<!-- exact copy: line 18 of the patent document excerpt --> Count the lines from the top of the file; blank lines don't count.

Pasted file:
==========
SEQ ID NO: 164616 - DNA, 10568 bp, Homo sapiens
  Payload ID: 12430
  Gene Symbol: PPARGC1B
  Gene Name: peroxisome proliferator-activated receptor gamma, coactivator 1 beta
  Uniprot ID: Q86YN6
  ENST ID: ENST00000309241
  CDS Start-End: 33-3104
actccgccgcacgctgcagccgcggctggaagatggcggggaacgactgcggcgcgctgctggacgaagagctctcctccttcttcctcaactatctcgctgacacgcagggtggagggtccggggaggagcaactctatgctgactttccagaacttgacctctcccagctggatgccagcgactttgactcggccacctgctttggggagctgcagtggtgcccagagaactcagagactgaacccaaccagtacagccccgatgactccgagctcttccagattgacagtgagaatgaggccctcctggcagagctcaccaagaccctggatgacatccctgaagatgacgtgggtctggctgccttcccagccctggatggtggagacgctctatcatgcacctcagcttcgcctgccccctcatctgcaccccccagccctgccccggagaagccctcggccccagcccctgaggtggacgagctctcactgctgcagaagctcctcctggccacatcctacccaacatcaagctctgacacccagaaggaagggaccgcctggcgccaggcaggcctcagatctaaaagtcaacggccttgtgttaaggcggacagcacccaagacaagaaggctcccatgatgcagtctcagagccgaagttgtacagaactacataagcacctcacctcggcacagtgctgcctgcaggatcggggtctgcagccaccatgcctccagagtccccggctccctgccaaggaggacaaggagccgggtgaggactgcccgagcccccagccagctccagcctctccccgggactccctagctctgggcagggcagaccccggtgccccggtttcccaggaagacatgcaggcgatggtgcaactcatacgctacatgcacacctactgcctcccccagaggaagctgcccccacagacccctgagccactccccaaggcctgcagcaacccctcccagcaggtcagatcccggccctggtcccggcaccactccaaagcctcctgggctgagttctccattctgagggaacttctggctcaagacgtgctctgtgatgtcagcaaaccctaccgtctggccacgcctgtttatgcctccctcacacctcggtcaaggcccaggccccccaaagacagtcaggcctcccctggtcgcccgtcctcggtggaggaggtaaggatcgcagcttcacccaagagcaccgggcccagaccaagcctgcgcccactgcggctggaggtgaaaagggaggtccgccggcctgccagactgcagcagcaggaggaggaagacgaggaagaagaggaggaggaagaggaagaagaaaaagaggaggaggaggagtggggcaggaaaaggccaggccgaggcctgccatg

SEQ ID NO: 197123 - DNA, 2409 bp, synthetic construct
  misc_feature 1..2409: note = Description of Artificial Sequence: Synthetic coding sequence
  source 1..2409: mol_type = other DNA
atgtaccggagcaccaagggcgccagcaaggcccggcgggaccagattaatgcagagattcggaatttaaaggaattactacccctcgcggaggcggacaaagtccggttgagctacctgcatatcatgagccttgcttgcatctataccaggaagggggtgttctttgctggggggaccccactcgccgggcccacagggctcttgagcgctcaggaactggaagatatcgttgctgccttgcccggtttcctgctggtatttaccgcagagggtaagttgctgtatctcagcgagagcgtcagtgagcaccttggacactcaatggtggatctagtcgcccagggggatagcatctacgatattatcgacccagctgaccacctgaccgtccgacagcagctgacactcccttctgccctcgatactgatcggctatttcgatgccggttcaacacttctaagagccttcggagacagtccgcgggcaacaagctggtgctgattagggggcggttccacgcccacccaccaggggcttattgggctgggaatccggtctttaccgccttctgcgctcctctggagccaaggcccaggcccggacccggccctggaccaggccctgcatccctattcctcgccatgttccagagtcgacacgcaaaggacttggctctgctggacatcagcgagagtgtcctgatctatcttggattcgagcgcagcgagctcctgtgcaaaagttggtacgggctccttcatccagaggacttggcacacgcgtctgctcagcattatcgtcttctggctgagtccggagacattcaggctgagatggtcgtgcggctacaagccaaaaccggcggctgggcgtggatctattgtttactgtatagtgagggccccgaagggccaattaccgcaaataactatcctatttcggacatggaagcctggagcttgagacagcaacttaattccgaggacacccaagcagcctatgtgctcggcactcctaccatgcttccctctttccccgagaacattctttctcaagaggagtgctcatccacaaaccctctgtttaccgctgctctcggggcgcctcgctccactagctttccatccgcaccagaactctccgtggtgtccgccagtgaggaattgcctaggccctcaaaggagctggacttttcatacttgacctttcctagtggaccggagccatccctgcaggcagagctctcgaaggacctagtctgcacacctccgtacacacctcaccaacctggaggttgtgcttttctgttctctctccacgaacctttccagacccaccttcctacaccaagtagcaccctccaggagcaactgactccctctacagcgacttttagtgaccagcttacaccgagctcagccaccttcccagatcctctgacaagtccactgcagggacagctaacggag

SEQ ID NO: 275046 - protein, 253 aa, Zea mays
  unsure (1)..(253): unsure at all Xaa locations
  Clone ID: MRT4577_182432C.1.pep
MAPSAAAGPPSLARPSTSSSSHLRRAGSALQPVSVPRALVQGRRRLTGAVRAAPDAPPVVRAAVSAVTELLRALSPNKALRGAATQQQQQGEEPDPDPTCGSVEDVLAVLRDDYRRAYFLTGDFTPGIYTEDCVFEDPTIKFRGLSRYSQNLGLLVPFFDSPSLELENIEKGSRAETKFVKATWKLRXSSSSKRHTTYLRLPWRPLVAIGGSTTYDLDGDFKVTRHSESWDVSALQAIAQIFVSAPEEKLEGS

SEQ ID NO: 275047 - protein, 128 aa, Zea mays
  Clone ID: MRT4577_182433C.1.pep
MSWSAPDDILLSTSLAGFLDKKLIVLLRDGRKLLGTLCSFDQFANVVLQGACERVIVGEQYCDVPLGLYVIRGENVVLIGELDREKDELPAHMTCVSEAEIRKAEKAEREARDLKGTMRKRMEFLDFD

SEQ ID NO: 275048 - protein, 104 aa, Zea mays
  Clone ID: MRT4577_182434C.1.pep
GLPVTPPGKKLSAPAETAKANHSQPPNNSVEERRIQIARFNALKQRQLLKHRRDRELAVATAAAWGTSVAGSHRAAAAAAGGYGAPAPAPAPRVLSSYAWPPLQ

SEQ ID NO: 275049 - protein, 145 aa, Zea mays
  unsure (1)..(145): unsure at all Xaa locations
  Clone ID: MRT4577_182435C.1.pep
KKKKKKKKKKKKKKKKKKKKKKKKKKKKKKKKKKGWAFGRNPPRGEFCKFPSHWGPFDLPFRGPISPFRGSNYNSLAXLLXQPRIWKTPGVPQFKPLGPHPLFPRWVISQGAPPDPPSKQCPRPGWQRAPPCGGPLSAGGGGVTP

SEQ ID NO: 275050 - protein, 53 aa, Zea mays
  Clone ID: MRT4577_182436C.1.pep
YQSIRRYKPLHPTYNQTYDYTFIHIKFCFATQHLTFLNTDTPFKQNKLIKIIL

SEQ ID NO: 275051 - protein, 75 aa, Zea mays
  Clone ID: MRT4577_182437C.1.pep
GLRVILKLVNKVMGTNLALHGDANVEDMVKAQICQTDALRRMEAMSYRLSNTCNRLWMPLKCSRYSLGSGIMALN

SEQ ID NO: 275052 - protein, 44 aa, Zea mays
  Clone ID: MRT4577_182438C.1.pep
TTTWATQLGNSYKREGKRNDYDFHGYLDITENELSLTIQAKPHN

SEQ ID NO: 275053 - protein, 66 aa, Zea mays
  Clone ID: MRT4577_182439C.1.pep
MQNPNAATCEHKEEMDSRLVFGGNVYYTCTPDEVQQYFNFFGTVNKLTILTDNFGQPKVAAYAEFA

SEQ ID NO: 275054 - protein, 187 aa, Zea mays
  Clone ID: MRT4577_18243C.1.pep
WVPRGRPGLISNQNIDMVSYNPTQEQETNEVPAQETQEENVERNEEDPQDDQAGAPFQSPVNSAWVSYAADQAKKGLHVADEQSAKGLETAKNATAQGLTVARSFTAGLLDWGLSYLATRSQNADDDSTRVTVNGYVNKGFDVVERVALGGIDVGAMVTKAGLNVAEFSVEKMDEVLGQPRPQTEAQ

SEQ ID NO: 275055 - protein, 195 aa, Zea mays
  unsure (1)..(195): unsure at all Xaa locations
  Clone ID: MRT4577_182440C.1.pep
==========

  Clone ID: MRT4577_182433C.1.pep